Foto: AutoSens_StirredReactor ©Copyright: fwdf (Mailgruppe)Data acquisition in large industrial vessels such as biogas fermenters or wastewater treatment plants is limited to local measurement points due to limited access to the vessel and the non-transparency of the fluid. To optimize these kinds of plants, the three-dimensional flow field and the spatial distribution of fluid properties such as temperature and electrical conductivity inside the vessel must be known. This can be achieved by the autonomous flow-following sensor particles developed by the HZDR. Equipped with a pressure sensor, an accelerometer, two gyroscopes and a magnetometer, the sensor particle can track the movement inside the vessels and derive the flow field from that. Additionally, the sensor particle gets position information by an ultra-wide-band based localization module (like GPS) as soon as it is on the fluid surface. The motion of the sensor particle is currently tracked with an error-state Kalman filter and yields a reliable tracking of the velocity and position, respectively. However, the tracking time is limited by the propagation of uncertainties of the inertial sensors through the filter. The objective of this master thesis is to extend this tracking time by the use of more advanced tracking algorithms like particle filter or other types of Kalman filters. This includes the following tasks:

  • Literature review of advanced filters for motion tracking
  • Theoretical comparison and implementing the most promising algorithm in Python
  • Verification and performance analysis based on experimental data

Department: Experimental Thermal Fluid Dynamics

Contact: Buntkiel, Lukas, Dr. Reinecke, Sebastian

Requirements

  • Studies in the area of electrical, mechatronic, mechanical engineering or similar
  • Basics of measurement uncertainty, digital signal processing
  • Data analysis in Python
  • Independent and structured way of working

Conditions

  • Start possible at any time
  • Duration according to the respective study regulations

Links:

Online application

Please apply online: english / german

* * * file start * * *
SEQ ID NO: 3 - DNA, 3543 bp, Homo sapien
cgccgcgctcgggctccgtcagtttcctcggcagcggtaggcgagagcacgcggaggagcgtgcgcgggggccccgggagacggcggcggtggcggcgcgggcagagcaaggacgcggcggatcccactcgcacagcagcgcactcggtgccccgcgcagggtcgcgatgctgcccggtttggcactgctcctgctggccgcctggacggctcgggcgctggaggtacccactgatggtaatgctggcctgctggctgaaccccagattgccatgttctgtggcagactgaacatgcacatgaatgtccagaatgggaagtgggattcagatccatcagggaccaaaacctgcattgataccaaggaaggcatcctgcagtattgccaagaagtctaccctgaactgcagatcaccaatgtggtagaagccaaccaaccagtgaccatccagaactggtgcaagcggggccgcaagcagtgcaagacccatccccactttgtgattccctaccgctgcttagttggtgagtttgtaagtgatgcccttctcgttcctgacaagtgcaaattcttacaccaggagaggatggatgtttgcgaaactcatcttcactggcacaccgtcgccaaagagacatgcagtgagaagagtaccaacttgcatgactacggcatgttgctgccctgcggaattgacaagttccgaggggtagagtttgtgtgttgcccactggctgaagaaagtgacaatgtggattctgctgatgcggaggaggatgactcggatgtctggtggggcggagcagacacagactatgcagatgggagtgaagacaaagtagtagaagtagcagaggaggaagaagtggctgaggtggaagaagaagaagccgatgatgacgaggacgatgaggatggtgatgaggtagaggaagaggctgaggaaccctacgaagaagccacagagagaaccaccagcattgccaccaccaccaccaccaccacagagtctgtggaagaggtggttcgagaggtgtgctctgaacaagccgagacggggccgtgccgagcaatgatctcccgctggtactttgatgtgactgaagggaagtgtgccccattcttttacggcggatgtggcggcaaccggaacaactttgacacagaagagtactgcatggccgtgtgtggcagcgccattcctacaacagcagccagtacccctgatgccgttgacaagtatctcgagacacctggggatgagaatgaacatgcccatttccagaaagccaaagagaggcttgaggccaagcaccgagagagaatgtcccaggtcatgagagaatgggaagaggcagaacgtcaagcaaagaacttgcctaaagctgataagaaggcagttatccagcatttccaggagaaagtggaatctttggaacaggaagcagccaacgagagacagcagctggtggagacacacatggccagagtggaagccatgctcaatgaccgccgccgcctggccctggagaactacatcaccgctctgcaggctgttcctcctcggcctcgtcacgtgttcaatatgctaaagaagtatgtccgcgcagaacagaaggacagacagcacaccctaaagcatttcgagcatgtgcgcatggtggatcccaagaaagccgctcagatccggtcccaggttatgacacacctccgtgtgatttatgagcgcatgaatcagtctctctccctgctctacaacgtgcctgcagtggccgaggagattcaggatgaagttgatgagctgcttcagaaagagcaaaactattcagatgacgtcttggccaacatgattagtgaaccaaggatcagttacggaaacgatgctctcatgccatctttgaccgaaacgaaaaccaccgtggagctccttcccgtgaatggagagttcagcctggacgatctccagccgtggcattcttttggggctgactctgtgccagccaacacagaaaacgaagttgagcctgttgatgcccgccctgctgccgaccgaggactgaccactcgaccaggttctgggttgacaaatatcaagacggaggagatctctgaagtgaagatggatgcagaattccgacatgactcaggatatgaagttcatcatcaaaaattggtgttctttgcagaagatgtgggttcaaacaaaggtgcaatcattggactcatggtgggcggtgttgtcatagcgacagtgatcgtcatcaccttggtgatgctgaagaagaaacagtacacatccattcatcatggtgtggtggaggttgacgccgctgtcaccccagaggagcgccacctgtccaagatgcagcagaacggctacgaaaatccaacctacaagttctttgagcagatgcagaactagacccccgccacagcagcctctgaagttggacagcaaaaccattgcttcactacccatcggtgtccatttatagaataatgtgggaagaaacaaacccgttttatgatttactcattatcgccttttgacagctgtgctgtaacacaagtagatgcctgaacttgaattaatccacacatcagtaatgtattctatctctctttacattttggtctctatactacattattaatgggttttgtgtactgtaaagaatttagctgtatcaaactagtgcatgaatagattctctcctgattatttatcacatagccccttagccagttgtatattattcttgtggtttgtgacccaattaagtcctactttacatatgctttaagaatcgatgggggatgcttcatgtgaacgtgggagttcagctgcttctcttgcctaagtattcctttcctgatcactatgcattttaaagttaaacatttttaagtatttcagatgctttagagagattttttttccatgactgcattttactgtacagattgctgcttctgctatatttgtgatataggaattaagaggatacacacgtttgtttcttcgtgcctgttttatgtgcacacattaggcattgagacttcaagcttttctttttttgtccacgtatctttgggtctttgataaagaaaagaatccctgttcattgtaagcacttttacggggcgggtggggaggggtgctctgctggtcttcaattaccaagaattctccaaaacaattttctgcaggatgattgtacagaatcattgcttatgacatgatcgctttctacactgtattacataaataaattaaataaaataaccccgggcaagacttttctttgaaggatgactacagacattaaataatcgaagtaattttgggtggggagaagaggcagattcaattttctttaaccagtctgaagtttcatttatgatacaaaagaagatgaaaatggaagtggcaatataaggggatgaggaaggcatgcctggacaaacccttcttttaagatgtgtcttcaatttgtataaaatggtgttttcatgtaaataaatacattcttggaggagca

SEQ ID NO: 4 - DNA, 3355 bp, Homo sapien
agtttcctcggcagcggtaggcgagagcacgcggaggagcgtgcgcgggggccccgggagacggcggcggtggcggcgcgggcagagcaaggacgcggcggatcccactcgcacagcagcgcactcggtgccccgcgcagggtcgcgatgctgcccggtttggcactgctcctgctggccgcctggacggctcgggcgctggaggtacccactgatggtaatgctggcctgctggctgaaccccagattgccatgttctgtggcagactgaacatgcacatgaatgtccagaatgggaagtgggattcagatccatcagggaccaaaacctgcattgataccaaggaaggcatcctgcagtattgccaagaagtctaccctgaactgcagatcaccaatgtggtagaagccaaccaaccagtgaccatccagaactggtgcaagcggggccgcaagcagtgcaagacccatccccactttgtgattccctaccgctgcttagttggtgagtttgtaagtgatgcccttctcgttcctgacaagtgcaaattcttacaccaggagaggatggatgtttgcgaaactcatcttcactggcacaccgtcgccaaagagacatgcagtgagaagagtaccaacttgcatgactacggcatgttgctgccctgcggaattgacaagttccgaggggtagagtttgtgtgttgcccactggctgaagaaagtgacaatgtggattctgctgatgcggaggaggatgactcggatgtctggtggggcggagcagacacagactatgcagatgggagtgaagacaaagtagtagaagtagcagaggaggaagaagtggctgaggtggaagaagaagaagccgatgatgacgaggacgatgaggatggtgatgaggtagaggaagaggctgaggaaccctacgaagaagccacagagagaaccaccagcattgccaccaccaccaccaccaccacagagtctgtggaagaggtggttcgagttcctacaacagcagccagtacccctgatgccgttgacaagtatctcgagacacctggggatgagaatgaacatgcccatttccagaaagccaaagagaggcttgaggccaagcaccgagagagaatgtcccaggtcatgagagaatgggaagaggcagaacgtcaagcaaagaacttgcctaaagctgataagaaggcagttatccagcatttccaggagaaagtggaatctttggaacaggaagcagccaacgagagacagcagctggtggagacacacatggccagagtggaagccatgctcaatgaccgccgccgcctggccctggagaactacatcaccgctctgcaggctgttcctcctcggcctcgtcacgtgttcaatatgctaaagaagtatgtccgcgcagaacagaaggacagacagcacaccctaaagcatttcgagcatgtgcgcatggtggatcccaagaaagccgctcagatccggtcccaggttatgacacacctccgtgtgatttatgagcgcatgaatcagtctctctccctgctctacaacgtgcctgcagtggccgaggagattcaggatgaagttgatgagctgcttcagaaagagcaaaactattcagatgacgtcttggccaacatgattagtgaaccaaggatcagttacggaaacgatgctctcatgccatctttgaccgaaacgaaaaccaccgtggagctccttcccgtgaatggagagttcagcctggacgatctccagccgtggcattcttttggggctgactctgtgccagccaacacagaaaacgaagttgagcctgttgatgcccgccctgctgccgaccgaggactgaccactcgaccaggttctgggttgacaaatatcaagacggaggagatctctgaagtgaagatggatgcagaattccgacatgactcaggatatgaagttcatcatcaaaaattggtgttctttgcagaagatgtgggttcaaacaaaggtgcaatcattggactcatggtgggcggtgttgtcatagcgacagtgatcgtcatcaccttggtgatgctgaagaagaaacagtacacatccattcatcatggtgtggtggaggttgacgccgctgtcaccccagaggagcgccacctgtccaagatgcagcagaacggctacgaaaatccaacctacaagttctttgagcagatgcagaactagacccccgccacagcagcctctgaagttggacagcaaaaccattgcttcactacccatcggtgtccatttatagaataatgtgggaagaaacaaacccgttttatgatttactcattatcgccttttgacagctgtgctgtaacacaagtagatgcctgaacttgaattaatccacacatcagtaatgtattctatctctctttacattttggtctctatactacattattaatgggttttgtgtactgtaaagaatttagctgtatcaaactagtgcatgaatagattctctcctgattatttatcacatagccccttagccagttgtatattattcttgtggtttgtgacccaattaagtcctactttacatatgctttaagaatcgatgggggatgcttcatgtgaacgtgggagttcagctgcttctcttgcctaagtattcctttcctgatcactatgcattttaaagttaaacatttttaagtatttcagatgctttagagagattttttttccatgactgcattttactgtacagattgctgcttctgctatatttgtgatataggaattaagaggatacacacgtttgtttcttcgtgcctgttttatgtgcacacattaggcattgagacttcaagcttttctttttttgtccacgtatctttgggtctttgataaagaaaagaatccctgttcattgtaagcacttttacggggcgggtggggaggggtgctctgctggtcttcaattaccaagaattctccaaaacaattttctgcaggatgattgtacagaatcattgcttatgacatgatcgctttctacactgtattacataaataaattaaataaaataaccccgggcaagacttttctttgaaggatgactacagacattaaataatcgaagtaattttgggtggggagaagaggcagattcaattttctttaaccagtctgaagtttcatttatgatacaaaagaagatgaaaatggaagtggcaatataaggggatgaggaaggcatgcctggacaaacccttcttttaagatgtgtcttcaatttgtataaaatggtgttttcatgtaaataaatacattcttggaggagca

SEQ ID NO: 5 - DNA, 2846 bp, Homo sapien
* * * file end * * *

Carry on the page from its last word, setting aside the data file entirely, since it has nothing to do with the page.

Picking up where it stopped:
Druckversion


Experimental investigation of influence of interfacial viscoelasticity on the dripping to jetting transition (Id 333)

School practical training / Student practical training / Bachelor theses / Master theses / Compulsory internship

Foto: Capillary with jetting liquid-liquid interface ©Copyright: Milad EftekhariLiquid jets are unstable and eventually form droplets to minimize the surface energy with the surrounding fluid. The transition from dripping to jetting and dynamics of the droplet pinch-off have been studied extensively for various systems, from pure Newtonian fluids to complex non-Newtonian liquids. The jetting process has received significant attention as it is a critical step in various three-dimensional (3D) printing techniques such as dropwise additive manufacturing and the direct ink writing method. In most of the applications surface active materials such as surfactants, nanoparticles, and polymers exist in the systems. The presence of surface-active materials reduces the liquid-fluid surface energies and in some cases generates a viscoelastic layer at the interface.
In this research, we aim to study the influence of interfacial viscoelasticity on the dripping to jetting transition. The study is conducted by the injection of an aqueous phase (nanoparticle dispersions) into an oil phase that contains surfactants over a wide range of flow rates. We tune the magnitude of interfacial viscoelasticity by changing the concentration of surfactants and nanoparticles.
Research question:
Does the dripping to jetting transition (critical flow rate) linearly increase by increasing the interfacial viscoelasticity?

Experiments:

1. Measurements of interfacial tension and surface elasticity for a range of particle and surfactant concentration using Profile analysis tensiometry, and Langmuir trough.
2. Dripping to jetting experiments for the selected systems using high-speed cameras and in-house setups.

Department: Transport processes at interfaces

Contact: Eftekhari, Milad, Dr. Schwarzenberger, Karin

Requirements

  • Field of study: chemical engineering, process engineering, fluid mechanics, or similar focus in chemistry or physics
  • Experience with laboratory work and imaging measurement techniques is beneficial

Conditions

  • Working in an international team
  • Duration: at least 6 months
  • Location: Dresden-Rossendorf

Online application

Please apply online: english / german

Druckversion